Yours in the search,


Giving Pie Away

Honoring Local Heroes

Raspberry Rhubarb Pie

Shy at first, staff slowly gathered around the conference table with three round pies in the middle.  “You made these?”  they wondered.

“Yes, for you!”  I answered with a grin.  Their eyes got bigger.

The gift of pie:  made with love, with ingredients from my own mother’s garden (rhubarb, lemons), with the intention of honoring people who do the good work of strengthening our communities.  Often unsung, or at least not thanked directly, they are the people who staff the shelter for domestic violence or rape crisis center, who run the senior center, who work day in and day out for social justice, who do the inglorious work behind the scenes at a hundred non-profit agencies everywhere. Michelle Fuller w pie 1.23.13

January 23 was National Pie Day.  What a great holiday, huh?  What a great day to celebrate pie, and so we did.

The dozen women and two men who work the day shift at the shelter got to have their fill of three kinds of pie:  raspberry rhubarb, deep red beckoning through a lattice crust; apple, overflowing with fruit; and chocolate chess pie, a lush custard that was still a touch warm.  At the ACLU, the staff got to choose between lemon chess pie, that perfect blend of sweet and sour; and cherry, bright and engaging in both color and taste.  At the senior center, the lucky folks there got to enjoy slices of coconut custard, delicate and rich [the Grand Dame of pie]; and Dutch apple, a crumb topping the perfect foil for the soft, tart apples tucked inside.

Here’s a link to the story on the local pie-friendly TV station, KRQE.

And, here’s a special shout-out to two Pie Pals who did this generous work with me:  Sandy Bryan and Havens Levitt.  Both are regular contestants and winners at the NM State Fair Pie Contest.  Both are community-minded and have hearts the size of, well, a big ol’ pie.  Thank you, Havens and Sandy!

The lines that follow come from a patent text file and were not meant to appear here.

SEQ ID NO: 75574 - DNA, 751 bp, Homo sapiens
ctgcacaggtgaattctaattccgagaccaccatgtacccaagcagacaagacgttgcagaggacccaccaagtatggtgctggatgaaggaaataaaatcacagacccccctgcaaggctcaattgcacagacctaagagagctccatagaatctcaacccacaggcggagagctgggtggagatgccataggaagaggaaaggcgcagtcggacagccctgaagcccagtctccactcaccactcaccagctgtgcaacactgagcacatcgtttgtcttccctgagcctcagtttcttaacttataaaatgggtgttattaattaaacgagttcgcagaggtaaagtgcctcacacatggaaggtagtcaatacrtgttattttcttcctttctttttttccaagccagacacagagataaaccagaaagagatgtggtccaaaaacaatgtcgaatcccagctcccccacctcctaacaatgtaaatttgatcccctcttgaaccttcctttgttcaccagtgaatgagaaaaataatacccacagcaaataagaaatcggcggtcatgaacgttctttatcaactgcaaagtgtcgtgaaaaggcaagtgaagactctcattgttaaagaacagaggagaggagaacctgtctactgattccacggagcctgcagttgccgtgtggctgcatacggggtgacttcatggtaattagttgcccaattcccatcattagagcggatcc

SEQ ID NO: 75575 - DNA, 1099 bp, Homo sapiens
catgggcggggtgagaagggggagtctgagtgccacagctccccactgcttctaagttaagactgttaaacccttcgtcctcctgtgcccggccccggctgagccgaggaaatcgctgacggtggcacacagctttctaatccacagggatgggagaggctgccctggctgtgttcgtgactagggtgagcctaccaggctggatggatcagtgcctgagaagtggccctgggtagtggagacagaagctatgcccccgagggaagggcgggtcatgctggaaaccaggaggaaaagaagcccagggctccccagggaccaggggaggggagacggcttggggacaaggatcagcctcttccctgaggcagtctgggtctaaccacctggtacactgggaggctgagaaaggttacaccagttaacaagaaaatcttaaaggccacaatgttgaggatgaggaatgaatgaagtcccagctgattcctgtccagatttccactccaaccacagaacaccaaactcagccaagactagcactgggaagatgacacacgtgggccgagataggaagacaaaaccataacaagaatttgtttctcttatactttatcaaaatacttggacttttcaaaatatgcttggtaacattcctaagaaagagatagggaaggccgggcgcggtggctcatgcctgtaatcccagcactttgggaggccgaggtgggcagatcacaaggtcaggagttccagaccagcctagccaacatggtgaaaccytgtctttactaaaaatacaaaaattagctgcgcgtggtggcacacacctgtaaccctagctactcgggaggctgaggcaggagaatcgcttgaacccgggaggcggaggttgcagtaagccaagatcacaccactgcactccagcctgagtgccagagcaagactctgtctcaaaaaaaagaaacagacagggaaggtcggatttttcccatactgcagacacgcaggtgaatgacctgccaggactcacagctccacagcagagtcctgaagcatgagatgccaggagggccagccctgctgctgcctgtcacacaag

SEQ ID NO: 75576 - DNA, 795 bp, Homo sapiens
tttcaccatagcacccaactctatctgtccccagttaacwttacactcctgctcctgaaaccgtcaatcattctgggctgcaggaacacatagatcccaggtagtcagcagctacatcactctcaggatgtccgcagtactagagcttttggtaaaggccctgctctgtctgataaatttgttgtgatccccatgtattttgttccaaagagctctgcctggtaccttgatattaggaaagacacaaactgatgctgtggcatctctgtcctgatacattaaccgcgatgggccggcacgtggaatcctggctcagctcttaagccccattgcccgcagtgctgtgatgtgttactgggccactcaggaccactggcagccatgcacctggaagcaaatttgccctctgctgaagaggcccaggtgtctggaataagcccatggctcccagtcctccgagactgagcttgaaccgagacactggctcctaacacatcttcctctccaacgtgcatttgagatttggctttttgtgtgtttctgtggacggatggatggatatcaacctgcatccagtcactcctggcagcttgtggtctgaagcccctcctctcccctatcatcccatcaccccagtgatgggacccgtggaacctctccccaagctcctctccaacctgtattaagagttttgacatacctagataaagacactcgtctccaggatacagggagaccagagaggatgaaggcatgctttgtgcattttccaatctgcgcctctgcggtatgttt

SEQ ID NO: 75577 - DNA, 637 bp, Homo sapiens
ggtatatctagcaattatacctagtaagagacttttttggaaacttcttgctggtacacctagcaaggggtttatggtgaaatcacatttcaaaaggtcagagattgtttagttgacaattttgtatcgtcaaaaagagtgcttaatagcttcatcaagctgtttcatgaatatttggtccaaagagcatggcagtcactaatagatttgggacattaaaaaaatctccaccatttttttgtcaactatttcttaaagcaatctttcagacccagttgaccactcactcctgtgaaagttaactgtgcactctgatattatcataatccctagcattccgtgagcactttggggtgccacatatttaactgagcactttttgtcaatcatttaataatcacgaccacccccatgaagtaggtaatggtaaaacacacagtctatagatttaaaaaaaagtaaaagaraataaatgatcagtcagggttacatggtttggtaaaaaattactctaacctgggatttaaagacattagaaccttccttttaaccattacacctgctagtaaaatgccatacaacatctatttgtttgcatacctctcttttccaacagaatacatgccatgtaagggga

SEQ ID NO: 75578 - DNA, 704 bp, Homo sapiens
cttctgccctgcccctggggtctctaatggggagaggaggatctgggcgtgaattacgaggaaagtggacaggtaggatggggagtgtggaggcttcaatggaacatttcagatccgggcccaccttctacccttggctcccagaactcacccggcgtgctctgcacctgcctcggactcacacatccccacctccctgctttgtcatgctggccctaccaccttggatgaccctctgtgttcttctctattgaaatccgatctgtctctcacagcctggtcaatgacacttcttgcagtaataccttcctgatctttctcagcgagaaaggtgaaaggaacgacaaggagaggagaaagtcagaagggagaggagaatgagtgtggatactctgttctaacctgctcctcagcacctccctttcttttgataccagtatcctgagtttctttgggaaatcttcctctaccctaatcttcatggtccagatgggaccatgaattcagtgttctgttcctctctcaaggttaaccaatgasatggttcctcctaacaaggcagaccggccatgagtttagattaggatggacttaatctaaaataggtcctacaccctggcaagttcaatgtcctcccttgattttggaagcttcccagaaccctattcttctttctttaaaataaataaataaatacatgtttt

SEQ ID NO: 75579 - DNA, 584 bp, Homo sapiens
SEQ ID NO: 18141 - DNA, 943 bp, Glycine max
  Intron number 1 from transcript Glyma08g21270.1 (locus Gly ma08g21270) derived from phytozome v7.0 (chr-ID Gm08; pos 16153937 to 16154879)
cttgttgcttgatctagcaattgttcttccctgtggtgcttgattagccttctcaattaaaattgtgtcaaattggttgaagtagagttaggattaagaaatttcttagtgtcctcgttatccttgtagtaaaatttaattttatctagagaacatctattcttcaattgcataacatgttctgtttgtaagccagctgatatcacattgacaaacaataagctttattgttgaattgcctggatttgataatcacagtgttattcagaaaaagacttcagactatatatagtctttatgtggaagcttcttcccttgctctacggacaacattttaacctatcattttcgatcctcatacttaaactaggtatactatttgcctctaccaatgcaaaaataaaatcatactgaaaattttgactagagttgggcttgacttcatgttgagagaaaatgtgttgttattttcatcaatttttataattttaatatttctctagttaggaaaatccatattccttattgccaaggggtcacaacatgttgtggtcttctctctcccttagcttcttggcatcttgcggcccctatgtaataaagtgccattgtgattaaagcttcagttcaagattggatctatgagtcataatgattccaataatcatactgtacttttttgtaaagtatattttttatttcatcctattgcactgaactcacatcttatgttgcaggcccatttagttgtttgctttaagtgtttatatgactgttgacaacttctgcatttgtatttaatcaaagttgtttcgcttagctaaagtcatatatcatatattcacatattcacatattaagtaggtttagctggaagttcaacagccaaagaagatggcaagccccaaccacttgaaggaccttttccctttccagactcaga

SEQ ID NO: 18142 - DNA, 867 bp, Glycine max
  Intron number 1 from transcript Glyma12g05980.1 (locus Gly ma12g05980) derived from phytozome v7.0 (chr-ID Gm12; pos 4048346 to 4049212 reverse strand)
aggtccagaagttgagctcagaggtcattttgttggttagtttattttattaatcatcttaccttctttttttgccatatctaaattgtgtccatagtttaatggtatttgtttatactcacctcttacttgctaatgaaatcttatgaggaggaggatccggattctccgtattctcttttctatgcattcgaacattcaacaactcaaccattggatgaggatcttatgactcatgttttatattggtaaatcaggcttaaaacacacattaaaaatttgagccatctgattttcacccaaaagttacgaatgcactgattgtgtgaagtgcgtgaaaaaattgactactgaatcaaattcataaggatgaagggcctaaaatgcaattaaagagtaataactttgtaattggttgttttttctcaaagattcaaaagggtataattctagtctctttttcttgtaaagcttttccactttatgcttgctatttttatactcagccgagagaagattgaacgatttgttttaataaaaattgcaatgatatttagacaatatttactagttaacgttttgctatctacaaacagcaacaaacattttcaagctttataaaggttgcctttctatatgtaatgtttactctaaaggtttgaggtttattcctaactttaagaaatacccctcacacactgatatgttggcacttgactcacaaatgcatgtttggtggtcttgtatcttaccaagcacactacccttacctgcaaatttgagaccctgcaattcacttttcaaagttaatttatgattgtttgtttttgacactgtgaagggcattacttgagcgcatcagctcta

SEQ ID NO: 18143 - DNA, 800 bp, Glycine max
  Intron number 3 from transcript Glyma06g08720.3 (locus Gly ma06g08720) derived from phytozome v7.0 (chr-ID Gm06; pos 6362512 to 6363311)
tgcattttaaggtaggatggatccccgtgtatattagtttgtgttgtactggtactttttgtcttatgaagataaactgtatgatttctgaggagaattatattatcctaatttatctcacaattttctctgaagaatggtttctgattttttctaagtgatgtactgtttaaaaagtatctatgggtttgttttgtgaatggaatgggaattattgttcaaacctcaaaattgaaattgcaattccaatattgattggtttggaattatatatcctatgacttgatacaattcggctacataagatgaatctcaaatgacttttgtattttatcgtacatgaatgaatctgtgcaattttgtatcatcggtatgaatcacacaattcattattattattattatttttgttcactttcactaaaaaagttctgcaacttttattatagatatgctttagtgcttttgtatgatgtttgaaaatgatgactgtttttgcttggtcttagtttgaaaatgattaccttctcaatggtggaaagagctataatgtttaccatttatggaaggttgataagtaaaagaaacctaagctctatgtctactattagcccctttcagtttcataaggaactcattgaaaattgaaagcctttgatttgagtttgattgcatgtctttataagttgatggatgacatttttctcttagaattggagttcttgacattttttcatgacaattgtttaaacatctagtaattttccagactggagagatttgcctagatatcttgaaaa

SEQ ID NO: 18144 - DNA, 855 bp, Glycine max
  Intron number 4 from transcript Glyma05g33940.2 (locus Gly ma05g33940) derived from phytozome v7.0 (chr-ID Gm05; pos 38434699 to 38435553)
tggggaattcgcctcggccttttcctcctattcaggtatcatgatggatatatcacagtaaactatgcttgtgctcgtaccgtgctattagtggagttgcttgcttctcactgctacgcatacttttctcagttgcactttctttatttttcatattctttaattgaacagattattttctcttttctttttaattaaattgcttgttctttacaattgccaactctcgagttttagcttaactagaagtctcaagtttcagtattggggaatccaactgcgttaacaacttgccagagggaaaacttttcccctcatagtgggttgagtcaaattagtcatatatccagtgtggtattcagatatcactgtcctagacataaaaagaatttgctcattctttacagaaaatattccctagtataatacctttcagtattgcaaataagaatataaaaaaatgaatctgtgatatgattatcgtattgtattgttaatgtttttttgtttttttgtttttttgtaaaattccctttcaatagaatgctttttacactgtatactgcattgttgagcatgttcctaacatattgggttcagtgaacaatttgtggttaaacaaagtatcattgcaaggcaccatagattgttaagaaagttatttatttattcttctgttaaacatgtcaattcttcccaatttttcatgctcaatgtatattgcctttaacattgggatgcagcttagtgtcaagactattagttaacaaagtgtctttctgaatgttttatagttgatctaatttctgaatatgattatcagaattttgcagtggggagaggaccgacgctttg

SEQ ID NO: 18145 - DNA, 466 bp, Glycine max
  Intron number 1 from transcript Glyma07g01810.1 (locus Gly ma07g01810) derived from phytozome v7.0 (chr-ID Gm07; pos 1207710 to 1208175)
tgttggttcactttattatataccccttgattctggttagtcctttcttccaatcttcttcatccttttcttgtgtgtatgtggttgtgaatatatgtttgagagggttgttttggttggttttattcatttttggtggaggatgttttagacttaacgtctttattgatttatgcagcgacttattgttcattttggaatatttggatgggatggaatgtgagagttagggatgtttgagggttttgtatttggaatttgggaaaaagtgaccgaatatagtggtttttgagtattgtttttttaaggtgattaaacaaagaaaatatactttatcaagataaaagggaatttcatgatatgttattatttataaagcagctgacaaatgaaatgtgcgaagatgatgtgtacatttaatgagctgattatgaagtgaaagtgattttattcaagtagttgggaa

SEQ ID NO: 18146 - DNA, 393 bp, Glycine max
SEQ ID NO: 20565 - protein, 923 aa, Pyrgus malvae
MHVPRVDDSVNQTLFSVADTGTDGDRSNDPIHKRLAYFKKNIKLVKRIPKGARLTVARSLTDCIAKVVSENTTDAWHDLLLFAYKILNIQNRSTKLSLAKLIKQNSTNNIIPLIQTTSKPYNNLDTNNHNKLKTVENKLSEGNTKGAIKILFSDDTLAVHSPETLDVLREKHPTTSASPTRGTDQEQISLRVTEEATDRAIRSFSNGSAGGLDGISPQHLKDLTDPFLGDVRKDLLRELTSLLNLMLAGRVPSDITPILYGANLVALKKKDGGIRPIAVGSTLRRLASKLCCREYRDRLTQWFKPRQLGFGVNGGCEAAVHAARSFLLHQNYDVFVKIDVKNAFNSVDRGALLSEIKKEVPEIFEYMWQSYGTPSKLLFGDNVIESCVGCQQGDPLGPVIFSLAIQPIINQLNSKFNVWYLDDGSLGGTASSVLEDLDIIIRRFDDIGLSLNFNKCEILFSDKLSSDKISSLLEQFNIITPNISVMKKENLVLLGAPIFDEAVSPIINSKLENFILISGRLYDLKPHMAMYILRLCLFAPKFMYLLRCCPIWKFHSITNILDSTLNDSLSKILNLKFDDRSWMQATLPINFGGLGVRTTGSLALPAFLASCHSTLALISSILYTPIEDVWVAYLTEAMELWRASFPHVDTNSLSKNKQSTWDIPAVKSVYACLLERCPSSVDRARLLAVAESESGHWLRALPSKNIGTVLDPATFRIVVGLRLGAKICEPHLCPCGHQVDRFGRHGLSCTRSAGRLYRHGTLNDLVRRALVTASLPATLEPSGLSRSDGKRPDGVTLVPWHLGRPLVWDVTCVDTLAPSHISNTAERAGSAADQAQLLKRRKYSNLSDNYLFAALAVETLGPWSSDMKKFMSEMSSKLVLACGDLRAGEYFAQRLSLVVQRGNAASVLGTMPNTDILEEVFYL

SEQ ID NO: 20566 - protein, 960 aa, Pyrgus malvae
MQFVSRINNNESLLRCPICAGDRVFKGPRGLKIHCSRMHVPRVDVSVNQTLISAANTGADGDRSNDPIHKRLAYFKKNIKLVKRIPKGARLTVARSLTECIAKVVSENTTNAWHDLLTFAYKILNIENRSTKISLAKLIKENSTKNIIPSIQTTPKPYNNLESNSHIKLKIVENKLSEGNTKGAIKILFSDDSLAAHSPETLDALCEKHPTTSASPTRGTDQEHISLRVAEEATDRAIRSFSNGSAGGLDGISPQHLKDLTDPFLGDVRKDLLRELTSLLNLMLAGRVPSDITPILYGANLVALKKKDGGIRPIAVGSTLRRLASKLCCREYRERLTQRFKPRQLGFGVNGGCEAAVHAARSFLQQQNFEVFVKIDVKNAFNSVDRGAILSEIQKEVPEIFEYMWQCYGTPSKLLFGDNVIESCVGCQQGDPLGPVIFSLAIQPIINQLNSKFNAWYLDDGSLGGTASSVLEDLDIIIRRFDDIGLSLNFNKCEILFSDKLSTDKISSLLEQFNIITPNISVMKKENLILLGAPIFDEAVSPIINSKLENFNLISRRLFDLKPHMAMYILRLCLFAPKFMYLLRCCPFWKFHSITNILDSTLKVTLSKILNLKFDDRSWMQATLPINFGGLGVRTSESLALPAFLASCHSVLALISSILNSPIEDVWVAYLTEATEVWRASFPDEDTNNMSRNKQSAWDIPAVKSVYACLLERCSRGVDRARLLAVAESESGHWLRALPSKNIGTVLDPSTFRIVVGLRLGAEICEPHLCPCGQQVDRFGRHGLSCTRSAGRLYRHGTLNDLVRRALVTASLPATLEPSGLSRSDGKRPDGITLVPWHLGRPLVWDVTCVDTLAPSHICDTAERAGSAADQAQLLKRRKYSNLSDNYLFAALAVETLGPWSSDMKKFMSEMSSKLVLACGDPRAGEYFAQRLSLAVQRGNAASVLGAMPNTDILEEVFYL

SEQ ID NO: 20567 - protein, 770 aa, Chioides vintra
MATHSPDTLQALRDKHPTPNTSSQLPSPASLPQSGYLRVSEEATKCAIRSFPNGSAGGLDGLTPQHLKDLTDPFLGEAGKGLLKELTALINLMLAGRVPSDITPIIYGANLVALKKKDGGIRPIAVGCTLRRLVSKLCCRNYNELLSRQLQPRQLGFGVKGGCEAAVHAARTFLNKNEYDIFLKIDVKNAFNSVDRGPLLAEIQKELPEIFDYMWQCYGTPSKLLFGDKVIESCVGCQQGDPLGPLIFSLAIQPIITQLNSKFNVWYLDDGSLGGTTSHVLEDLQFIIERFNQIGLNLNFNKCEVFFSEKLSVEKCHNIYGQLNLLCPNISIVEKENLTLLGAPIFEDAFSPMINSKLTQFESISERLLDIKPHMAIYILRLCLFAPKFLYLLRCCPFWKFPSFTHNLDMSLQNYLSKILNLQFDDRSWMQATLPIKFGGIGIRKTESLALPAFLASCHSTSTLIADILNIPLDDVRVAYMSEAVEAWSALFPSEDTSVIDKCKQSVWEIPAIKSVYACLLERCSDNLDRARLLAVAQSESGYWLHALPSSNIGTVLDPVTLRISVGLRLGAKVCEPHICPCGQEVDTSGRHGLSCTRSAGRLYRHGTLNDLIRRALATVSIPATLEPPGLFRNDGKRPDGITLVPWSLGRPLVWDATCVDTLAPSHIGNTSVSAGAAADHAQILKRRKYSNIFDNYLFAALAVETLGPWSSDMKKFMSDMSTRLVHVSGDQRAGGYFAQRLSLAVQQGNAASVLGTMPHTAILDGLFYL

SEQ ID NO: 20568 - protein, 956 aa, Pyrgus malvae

Wouldn’t it be fun to line up a whole bunch of pie bakers next year, each with pies ready to deliver to their favorite local heroes?  What if we did that in communities all over the world?

We’ve started a new tradition.  I can hardly wait for next year.

Rebecca Dakota

Pie Advocate

Pie Pal #1


Christmas Trees & Trust

Why We Love Them So!

Christmas Trees & Trust

There is something about a beautiful Christmas tree that evokes trust.  Regardless of one’s spiritual beliefs, there is something universal and primal about the response to such a tree.

The trust almost seems to come from the tree itself.  Trust from the past, reflecting our enduring dependency on trees for oxygen.  Trust in the present because a beautiful Christmas tree’s energy provides complete feng shui* balance and makes us feel good.  Trust in the future because their beauty reminds us to be calm, to remember our own inner light as it is reflected from the tree’s ornaments and lights.  The trees seem to remind us to seek the consciousness of love and compassion, reminding us to care for one another.

We respond with trust to something that feels so right.  The sight of a beautiful Christmas tree can transform us with a sense of connection:  to our own spirits, to each other and to the Earth.  How great is that?!

Wishing you peace and connection, and apple pie,**


*Christmas Tree Feng Shui:  The ancient Chinese system for seeking harmony and the gentle flow of the life force teaches us to look for the 5 elements and a balance between yin and yang in our environments.  The triangular shape of a holiday tree and the lights represent the element of fire, the tree itself represents the element wood, the scent of pine reminds us of earth, the round ornaments represent metal, and the shiny ornaments and tinsel represent water.  The dark tree is yin and the bright ornaments and lights are yang.  Perfect!

**Apple pie for the whole party – “Slab Apple Pie,” now in the Apple Pie section of  It fills a whole 9x13” cake pan, so you can serve many people with one pie!  Special thanks to Pie Pal, Havens, for sharing her recipe.